Interview with Michael McNabb

Interviews | Friday, Dec 11, 2015

2010 seems to have only just ended but the New Year is off and running at a frantic pace. What was your highlight of 2010?

My highlight was definitely the World Championships in Munich. I was pretty happy with how I went there, to finish equal 8th was a lot higher than I would have expected. I know I could have hit a few more targets than I actually finished with, but knowing that gave me a reason to try harder this year, and hopefully better my performance.

Shooting a PQS in Melbourne was also a huge surprise for me. Overall 2010 was a pretty good year for my shooting.

You have been part of the junior set up now for a couple of years but now are ready to make your transition into the senior team. What are you most looking forward to in this transition?

My time as a junior has been really memorable and I am definitely looking forward to the transition into the Senior Team if I can achieve it. I’m mostly looking forward to the amount I will have to mentally improve to achieve better results in order to actually get a place on the team. It is a lot harder to make a senior team than it is to make a junior team, not only because of the sheer numbers you have to compete against, but the quality of shooters in the senior competition is fairly high in Australia.

The 2011 AISL high performance squads were named recently and you feature as part of the 2016 squad. Does it excite you that the sport is planning this far into the future and you are part of these plans?

I think it’s great that AISL is planning so far ahead. As everyone knows, people cannot be on the team forever, and planning for such occasions is fantastic to see. It definitely does excite me that I am part of these plans, but just because I am a part of them doesn’t guarantee anything. So in order to make the real 2016 team I will definitely have to put a lot of work in to get there. I have a long way to go yet.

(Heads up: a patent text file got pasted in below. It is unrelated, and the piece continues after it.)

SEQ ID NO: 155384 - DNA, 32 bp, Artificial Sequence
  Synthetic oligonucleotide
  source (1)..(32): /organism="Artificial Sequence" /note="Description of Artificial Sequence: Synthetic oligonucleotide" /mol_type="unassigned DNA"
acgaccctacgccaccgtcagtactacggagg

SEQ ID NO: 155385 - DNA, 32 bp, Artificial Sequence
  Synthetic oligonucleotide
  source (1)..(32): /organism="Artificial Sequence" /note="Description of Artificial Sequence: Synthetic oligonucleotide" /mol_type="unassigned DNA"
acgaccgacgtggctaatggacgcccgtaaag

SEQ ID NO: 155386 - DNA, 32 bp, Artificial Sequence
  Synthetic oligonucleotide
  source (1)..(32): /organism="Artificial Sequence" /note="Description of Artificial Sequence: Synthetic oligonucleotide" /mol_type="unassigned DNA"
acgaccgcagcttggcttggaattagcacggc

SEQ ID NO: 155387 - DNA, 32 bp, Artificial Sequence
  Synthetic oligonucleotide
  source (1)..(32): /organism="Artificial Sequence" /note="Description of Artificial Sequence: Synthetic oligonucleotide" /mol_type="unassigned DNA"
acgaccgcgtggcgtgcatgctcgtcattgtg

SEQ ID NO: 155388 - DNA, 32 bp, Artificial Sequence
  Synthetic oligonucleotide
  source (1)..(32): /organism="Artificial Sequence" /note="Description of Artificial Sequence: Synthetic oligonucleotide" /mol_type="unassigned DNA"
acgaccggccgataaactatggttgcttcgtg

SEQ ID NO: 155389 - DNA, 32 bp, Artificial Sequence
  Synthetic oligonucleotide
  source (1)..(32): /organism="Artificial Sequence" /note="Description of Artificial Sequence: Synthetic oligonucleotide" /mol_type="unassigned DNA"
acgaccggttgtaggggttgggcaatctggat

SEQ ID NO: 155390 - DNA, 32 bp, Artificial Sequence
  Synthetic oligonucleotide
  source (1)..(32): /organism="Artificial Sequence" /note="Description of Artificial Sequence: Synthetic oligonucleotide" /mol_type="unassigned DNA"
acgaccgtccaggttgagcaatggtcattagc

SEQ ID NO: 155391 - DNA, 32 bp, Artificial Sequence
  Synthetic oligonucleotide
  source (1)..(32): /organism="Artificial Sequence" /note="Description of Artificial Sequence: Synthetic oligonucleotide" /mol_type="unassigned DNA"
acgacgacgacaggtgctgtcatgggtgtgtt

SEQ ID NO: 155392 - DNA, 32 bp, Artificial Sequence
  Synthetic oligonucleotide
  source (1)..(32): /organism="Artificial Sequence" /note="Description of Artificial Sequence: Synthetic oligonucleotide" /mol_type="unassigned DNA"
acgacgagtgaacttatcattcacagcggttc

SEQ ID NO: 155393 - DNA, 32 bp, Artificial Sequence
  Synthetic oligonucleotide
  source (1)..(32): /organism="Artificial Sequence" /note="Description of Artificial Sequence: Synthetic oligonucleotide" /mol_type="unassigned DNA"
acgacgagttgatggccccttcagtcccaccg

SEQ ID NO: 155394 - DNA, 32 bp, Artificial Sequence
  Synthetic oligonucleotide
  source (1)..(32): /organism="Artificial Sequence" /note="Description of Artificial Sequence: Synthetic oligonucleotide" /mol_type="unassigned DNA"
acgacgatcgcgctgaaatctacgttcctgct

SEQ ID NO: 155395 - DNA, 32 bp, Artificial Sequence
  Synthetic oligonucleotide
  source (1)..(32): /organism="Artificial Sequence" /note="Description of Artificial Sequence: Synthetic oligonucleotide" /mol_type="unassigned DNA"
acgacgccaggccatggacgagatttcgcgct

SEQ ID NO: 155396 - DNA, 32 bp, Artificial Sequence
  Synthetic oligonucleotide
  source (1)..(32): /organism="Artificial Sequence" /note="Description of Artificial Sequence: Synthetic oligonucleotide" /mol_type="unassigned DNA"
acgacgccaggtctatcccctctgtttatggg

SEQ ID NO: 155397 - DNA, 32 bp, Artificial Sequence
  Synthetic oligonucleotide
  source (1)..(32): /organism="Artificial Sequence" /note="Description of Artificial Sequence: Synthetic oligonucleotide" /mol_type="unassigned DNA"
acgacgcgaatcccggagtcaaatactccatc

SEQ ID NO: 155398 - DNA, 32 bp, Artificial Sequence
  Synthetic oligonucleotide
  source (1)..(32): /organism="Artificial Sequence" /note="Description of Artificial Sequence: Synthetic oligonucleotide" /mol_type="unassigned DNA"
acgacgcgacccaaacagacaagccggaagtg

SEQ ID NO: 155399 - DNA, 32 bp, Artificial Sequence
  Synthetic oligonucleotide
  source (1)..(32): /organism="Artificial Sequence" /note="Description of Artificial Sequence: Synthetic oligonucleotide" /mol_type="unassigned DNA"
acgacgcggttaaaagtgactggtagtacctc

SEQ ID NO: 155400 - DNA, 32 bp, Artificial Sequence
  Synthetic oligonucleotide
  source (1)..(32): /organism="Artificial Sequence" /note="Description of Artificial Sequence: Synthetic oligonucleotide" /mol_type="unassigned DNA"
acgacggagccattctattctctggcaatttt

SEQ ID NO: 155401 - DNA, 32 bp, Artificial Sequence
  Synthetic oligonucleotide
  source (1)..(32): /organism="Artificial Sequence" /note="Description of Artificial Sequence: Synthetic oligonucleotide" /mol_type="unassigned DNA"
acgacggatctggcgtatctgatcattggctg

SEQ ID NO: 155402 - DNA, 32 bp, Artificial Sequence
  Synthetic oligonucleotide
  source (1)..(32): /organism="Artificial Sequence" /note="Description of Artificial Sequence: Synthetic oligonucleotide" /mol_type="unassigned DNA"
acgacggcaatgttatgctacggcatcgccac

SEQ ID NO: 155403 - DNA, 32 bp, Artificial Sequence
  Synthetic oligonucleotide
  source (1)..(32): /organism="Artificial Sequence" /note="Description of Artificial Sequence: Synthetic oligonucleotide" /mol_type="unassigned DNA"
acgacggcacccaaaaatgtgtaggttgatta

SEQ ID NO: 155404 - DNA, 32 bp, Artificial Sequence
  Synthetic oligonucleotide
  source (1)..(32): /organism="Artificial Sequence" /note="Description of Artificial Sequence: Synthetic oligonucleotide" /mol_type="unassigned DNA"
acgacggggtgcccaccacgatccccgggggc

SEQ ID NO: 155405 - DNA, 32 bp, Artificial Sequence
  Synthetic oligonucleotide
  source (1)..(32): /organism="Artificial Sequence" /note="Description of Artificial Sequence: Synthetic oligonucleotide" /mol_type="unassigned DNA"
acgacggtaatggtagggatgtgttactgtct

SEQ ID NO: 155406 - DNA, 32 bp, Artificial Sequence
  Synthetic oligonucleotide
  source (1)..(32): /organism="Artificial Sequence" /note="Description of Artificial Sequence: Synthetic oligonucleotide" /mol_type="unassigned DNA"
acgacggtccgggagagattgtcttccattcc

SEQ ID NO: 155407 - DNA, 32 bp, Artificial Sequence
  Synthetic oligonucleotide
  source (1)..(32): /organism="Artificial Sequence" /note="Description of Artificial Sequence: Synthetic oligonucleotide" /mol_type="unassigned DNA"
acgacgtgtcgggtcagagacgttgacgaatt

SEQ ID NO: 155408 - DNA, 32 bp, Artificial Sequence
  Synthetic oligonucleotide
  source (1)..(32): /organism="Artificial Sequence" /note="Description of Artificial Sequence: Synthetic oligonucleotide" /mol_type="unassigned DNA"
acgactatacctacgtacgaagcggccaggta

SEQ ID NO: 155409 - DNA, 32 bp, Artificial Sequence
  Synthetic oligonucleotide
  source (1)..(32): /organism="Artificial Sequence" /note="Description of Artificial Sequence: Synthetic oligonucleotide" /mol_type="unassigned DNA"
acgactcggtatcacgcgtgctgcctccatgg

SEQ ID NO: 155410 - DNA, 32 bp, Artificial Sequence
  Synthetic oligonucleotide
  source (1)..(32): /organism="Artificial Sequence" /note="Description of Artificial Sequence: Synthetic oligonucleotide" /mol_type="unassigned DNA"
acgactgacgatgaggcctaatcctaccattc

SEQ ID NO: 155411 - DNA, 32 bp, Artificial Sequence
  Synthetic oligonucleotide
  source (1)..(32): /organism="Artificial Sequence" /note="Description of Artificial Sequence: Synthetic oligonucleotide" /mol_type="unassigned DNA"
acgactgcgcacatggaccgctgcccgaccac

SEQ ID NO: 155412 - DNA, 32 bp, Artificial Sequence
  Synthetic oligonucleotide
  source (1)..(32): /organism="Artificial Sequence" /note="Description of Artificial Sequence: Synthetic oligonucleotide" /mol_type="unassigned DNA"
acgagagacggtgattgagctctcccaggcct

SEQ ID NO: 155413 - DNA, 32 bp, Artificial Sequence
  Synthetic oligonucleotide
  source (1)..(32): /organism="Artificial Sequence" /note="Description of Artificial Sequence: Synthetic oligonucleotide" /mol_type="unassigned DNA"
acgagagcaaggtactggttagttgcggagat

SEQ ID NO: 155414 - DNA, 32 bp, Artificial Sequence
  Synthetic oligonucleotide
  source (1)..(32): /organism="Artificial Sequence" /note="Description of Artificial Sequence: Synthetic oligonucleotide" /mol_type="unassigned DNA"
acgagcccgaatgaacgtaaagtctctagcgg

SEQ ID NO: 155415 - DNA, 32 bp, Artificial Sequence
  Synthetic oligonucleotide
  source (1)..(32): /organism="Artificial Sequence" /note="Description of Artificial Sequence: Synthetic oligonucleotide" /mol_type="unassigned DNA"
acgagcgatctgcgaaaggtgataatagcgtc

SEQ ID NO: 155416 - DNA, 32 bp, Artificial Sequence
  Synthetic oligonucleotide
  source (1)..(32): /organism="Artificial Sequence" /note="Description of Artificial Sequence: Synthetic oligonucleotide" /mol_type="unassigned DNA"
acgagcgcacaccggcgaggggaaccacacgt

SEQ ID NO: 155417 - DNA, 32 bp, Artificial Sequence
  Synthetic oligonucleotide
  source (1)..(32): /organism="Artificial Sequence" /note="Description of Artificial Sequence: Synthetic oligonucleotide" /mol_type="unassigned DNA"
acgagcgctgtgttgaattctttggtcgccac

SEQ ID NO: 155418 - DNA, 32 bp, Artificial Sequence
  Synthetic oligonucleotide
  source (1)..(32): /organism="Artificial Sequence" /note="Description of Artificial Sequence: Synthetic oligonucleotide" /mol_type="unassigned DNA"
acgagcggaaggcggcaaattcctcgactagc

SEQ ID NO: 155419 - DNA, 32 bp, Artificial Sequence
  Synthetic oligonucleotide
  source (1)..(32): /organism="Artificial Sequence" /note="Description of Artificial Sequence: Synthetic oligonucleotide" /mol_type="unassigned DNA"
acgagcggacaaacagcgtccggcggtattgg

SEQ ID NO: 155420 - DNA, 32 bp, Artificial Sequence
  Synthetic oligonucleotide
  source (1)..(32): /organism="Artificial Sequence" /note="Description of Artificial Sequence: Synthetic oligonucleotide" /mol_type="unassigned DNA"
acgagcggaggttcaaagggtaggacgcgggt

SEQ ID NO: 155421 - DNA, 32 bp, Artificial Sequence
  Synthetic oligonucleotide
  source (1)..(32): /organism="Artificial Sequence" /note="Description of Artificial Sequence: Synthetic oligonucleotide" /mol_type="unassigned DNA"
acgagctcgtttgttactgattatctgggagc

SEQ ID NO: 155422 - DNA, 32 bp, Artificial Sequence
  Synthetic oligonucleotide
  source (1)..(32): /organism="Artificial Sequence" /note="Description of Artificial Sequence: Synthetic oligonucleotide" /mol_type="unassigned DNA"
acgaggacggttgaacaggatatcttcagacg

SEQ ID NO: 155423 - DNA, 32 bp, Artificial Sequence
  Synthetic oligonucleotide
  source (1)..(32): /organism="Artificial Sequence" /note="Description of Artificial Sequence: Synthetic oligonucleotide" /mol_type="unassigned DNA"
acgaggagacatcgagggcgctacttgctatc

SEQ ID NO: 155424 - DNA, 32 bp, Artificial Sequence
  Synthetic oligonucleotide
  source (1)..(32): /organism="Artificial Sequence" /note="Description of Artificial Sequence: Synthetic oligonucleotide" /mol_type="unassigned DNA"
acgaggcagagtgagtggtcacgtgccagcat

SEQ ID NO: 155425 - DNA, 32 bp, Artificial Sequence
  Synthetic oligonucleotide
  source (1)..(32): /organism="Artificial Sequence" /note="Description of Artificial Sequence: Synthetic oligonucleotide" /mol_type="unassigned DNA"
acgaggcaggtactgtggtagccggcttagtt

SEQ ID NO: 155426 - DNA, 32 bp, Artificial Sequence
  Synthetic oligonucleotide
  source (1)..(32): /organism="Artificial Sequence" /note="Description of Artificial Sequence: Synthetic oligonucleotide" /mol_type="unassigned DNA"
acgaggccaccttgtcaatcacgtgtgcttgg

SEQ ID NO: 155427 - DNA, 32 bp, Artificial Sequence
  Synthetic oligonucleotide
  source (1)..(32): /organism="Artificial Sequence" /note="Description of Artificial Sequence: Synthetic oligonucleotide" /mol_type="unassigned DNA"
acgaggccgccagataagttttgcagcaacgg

You shot a 118 in Sydney at Australia Cup 1 and had a good tussle in the final against Adam Vella and Brett Dunstan. How did you rate your performance?

I’m really happy with how I shot at Aus Cup 1. I equalled my personal best at that ground, which I was pleased with. Sydney is probably the hardest range I have shot on, so to shoot a decent score there was great. The final definitely wasn’t one of my best, which was a shame, but it has given me something to work on for sure, and hopefully I can achieve a similar score at the next Aus Cup and most importantly the World Cup.

The 2011 ISSF Sydney World Cup is just around the corner and you are part of the main team with Michael and Adam in the men’s trap. Are you looking forward to the experience and have you set yourself any goals for the event?

I can’t wait to shoot the World Cup here in Sydney in March. It will be really different having world class shooters in our “back yard”. The fact that there is such a great turn out expected is also really pleasing to see, as it is a lot further than most of the regulars to the World Cups would have travelled before. My only goal is to shoot a score which I am happy with, which will come with sticking to my routines and to just concentrate on my own shooting. I don’t want to make any unrealistic goals for the event.

When you are competing at events talk us through your daily routine and any habits or superstitions you may follow.

I don’t have a set out daily routine as such for shooting competition, but I do have some habits that I try and stick to each time. Waking up in the morning as strange as it sounds is a key point before a competition, I have to allow myself enough time to fully wake up before I am in any state to compete in a big competition. This can sometimes mean allowing myself an extra hour in the morning to get ready and prepare for the day's work.

During the competition I try and keep to myself as much as I can, and try not to talk about the competition with other people. In my opinion there is not much reason to find out how other people are shooting, and to tell people how you shot, there is usually still a long way in the competition to go when these conversations are being had. It also causes you to think about your position in the field, and can have negative effects on your scores and your mind state, which is probably the most important thing in Trap shooting. Keeping a clear mind and relaxing is very important in my daily preparations for shooting.

The last thing I have to mention is warming up before the first round of each day. I have made a mistake many times in the past where I have not been prepared enough to shoot the first round. This might mean I have to get ready to shoot an extra half hour before I normally would. In this time I will stretch, do some dry fire, sit down and think about what I have to remember to do, and even sometimes go for a bit of a jog to get the blood pumping. Remembering to do all these things before the competition is a task in itself!

- AISL Media, March 2011

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